Gut Microbiome May Play Role in BMI, Lipid Level Variations

Share this content:
Variations in BMI and lipid levels may be related to intestinal microbiomes.
Variations in BMI and lipid levels may be related to intestinal microbiomes.

(HealthDay News) —- Intestinal microbiomes might help determine not only body fat levels, but also blood concentrations of HDL cholesterol and triglycerides, according to a study published in Circulation Research.

Jingyuan Fu, PhD, an associate professor of genetics at the University Medical Center Groningen in the Netherlands, and colleagues based their findings on 893 adults ranging in age from 18 to 80. Fu's team analyzed fecal samples to get a snapshot of each person's intestinal microbiome.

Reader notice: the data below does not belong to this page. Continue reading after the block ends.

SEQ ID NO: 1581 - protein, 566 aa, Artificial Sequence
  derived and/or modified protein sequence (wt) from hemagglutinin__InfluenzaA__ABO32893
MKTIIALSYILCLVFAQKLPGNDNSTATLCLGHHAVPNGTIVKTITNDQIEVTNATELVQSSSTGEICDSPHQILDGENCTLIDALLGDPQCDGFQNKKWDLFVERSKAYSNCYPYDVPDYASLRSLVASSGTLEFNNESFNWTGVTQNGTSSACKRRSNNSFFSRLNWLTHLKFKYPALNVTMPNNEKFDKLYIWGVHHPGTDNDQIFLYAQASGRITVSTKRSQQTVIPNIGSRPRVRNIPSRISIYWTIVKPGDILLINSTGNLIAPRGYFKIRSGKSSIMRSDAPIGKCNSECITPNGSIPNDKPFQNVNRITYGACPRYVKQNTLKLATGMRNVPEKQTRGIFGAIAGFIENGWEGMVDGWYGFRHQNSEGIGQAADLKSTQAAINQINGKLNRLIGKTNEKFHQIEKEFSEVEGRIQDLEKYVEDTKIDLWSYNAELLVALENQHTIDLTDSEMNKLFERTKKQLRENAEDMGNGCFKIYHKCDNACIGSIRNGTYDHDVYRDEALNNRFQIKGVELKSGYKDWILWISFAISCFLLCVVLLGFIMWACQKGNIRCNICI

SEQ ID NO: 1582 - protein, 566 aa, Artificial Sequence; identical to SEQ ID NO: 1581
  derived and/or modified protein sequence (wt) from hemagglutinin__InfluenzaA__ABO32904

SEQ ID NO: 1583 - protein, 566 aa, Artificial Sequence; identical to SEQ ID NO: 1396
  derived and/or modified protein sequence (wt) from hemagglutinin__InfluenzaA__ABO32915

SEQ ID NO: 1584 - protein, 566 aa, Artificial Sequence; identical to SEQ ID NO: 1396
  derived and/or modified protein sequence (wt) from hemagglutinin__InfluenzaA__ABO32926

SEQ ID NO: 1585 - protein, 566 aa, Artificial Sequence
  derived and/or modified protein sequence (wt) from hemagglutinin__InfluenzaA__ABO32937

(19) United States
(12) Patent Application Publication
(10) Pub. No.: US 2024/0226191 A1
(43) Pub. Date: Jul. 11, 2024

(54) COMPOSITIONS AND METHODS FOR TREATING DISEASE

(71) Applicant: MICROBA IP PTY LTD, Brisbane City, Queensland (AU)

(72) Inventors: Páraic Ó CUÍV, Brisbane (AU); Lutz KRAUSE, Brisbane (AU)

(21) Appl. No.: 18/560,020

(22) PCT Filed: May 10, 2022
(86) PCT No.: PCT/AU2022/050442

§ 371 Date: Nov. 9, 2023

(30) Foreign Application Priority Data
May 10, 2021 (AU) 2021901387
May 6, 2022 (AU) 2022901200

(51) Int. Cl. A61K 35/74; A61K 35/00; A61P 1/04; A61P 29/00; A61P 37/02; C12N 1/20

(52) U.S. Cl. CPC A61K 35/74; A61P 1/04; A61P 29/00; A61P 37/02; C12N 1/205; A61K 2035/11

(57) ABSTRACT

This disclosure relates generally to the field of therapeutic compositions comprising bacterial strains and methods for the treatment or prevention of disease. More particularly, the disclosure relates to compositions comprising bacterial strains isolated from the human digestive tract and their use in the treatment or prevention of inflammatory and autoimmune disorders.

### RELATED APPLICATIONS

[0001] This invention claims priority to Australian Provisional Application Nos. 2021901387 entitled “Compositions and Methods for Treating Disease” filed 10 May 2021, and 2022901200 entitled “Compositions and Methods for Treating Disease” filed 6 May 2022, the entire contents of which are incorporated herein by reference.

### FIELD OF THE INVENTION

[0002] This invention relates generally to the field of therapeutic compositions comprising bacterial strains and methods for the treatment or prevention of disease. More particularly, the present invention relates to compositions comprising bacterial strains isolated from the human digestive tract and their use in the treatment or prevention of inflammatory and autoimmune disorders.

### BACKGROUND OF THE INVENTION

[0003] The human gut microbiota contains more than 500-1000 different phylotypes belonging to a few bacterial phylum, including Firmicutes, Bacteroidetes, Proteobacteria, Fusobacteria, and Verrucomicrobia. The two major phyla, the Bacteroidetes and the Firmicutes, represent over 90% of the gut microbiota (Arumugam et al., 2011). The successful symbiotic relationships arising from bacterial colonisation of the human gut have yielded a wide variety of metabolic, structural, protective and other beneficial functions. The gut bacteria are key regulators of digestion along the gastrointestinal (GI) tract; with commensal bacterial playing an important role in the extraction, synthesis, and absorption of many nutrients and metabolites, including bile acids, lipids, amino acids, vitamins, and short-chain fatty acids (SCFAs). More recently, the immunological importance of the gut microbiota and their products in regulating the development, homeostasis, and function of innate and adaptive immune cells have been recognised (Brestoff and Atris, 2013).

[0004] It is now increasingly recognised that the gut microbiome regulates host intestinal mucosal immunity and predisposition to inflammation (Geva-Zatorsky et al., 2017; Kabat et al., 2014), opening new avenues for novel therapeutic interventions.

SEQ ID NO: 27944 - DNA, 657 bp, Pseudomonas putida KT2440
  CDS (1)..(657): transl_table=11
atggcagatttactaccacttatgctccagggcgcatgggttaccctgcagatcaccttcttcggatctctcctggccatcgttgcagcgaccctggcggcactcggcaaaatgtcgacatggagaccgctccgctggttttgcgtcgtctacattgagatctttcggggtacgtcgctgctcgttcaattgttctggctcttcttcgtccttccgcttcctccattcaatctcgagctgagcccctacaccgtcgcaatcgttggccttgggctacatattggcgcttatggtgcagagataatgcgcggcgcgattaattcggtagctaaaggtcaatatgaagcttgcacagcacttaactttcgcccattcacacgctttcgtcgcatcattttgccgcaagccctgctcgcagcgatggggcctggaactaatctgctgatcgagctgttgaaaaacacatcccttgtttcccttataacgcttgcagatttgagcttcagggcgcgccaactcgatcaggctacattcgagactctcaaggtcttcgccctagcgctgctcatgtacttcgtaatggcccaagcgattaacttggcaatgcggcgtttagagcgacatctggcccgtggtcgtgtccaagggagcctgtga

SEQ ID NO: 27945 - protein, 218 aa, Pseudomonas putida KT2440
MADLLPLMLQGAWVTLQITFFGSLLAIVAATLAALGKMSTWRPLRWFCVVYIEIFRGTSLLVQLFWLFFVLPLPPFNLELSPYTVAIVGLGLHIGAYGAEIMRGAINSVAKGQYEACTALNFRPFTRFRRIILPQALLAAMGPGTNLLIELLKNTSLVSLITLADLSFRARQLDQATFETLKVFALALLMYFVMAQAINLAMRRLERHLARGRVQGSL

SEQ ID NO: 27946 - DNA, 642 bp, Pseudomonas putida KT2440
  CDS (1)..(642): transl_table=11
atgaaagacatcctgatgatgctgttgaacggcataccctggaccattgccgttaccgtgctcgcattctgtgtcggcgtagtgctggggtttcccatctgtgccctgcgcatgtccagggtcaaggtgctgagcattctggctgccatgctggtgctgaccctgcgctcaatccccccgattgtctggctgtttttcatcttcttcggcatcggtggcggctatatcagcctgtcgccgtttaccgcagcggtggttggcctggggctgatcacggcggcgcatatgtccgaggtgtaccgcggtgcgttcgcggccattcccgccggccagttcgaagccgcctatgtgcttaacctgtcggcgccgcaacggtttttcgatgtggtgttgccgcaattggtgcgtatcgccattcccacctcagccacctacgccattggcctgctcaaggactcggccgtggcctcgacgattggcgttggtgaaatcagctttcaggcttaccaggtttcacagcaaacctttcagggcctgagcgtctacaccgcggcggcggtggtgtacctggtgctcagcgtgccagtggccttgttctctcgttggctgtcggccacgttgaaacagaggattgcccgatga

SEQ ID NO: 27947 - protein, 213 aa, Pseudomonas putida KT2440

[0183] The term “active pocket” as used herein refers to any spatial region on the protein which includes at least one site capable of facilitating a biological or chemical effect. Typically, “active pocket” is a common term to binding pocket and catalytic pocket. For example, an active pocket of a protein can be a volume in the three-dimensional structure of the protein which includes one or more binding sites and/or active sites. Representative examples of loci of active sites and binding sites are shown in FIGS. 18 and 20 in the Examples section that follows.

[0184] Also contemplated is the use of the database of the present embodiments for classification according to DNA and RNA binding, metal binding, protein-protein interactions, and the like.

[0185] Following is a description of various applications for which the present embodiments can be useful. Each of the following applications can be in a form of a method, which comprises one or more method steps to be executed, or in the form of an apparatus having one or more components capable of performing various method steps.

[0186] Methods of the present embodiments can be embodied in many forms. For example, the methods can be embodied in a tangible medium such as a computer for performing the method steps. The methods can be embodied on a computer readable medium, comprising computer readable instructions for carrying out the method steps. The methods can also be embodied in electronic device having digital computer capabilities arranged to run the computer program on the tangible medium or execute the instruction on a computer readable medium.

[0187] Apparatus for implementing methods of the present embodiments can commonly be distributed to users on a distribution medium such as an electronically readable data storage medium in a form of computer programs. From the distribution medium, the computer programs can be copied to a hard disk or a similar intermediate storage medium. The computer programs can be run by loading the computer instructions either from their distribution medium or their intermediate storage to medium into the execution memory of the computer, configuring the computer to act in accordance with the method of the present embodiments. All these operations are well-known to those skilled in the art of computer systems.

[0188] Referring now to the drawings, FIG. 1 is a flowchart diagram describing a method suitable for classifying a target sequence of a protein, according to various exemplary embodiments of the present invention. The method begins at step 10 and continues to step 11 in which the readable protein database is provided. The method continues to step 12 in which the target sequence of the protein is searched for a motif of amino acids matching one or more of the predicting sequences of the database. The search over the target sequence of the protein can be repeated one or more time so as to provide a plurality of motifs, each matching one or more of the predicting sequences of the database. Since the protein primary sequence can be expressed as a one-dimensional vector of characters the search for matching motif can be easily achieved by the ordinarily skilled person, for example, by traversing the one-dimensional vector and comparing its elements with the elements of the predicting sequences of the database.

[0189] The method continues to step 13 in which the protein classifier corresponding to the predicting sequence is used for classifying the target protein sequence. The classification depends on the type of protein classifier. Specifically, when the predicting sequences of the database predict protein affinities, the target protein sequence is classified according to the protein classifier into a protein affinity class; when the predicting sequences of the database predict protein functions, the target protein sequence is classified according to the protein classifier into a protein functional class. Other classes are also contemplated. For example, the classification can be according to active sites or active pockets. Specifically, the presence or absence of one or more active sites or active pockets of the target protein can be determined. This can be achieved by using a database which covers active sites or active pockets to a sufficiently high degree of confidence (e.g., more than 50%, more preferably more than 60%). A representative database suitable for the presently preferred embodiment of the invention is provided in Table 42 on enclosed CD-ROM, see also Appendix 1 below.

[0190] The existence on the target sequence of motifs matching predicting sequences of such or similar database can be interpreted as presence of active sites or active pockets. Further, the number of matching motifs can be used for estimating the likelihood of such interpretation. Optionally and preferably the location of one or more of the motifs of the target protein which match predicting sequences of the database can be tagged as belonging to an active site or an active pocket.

Overall, the researchers found 34 types of bacteria that were associated with triglycerides and HDL levels, and with BMI. The investigators estimated that the gut microbiome explained 4% to 6% of the variance in BMI, triglycerides and HDL across the study group.

A few of the bacteria highlighted in the study are known to be involved in metabolizing bile acids that affect cholesterol levels. But Fu told HealthDay that much more research is needed to understand how different gut bacteria function in relation to cholesterol and other risk factors for heart disease

"At the current stage, this field is still in its infancy," Fu said.

Reference

  1. Fu J et al. Circ Res. 2015;doi:10.1161/CIRCRESAHA.115.306807.
You must be a registered member of Endocrinology Advisor to post a comment.

Sign Up for Free e-Newsletters

CME Focus